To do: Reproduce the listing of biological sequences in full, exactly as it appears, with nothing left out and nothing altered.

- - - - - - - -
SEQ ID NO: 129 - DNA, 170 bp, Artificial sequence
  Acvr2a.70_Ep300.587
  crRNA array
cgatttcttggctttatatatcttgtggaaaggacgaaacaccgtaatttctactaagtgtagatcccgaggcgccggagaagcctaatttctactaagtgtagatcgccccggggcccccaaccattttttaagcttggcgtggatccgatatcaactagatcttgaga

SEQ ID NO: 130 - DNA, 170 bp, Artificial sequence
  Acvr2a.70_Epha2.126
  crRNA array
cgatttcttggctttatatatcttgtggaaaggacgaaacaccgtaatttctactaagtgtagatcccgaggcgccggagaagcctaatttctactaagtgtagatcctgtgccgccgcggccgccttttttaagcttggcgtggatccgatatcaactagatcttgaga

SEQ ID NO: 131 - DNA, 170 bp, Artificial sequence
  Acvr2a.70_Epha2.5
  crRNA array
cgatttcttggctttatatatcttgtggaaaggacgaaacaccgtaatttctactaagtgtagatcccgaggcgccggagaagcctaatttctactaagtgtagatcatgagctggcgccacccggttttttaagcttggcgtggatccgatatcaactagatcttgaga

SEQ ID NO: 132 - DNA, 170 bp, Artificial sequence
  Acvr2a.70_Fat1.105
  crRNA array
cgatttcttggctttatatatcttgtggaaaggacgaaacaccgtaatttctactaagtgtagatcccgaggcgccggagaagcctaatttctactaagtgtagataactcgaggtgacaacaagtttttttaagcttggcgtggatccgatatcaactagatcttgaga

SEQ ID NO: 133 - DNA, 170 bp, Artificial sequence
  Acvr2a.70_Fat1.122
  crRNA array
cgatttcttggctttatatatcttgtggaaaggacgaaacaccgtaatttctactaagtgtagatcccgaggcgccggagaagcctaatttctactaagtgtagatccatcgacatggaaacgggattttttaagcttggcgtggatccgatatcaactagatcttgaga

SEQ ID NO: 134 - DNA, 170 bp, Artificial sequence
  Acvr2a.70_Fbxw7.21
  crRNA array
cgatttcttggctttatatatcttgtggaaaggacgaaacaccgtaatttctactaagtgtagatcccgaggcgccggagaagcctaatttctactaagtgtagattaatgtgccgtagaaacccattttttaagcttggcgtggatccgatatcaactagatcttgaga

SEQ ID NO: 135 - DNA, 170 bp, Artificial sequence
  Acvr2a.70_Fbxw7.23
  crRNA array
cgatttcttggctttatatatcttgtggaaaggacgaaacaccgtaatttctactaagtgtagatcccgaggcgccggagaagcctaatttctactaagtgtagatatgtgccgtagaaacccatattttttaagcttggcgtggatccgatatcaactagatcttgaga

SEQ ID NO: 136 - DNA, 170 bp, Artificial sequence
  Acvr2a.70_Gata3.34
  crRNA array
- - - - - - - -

SEQ ID NO: 129 - DNA, 170 bp, Artificial sequence
  Acvr2a.70_Ep300.587
  crRNA array
cgatttcttggctttatatatcttgtggaaaggacgaaacaccgtaatttctactaagtgtagatcccgaggcgccggagaagcctaatttctactaagtgtagatcgccccggggcccccaaccattttttaagcttggcgtggatccgatatcaactagatcttgaga

SEQ ID NO: 130 - DNA, 170 bp, Artificial sequence
  Acvr2a.70_Epha2.126
  crRNA array
cgatttcttggctttatatatcttgtggaaaggacgaaacaccgtaatttctactaagtgtagatcccgaggcgccggagaagcctaatttctactaagtgtagatcctgtgccgccgcggccgccttttttaagcttggcgtggatccgatatcaactagatcttgaga

SEQ ID NO: 131 - DNA, 170 bp, Artificial sequence
  Acvr2a.70_Epha2.5
  crRNA array
cgatttcttggctttatatatcttgtggaaaggacgaaacaccgtaatttctactaagtgtagatcccgaggcgccggagaagcctaatttctactaagtgtagatcatgagctggcgccacccggttttttaagcttggcgtggatccgatatcaactagatcttgaga

SEQ ID NO: 132 - DNA, 170 bp, Artificial sequence
  Acvr2a.70_Fat1.105
  crRNA array
cgatttcttggctttatatatcttgtggaaaggacgaaacaccgtaatttctactaagtgtagatcccgaggcgccggagaagcctaatttctactaagtgtagataactcgaggtgacaacaagtttttttaagcttggcgtggatccgatatcaactagatcttgaga

SEQ ID NO: 133 - DNA, 170 bp, Artificial sequence
  Acvr2a.70_Fat1.122
  crRNA array
cgatttcttggctttatatatcttgtggaaaggacgaaacaccgtaatttctactaagtgtagatcccgaggcgccggagaagcctaatttctactaagtgtagatccatcgacatggaaacgggattttttaagcttggcgtggatccgatatcaactagatcttgaga

SEQ ID NO: 134 - DNA, 170 bp, Artificial sequence
  Acvr2a.70_Fbxw7.21
  crRNA array
cgatttcttggctttatatatcttgtggaaaggacgaaacaccgtaatttctactaagtgtagatcccgaggcgccggagaagcctaatttctactaagtgtagattaatgtgccgtagaaacccattttttaagcttggcgtggatccgatatcaactagatcttgaga

SEQ ID NO: 135 - DNA, 170 bp, Artificial sequence
  Acvr2a.70_Fbxw7.23
  crRNA array
cgatttcttggctttatatatcttgtggaaaggacgaaacaccgtaatttctactaagtgtagatcccgaggcgccggagaagcctaatttctactaagtgtagatatgtgccgtagaaacccatattttttaagcttggcgtggatccgatatcaactagatcttgaga

SEQ ID NO: 136 - DNA, 170 bp, Artificial sequence
  Acvr2a.70_Gata3.34
  crRNA array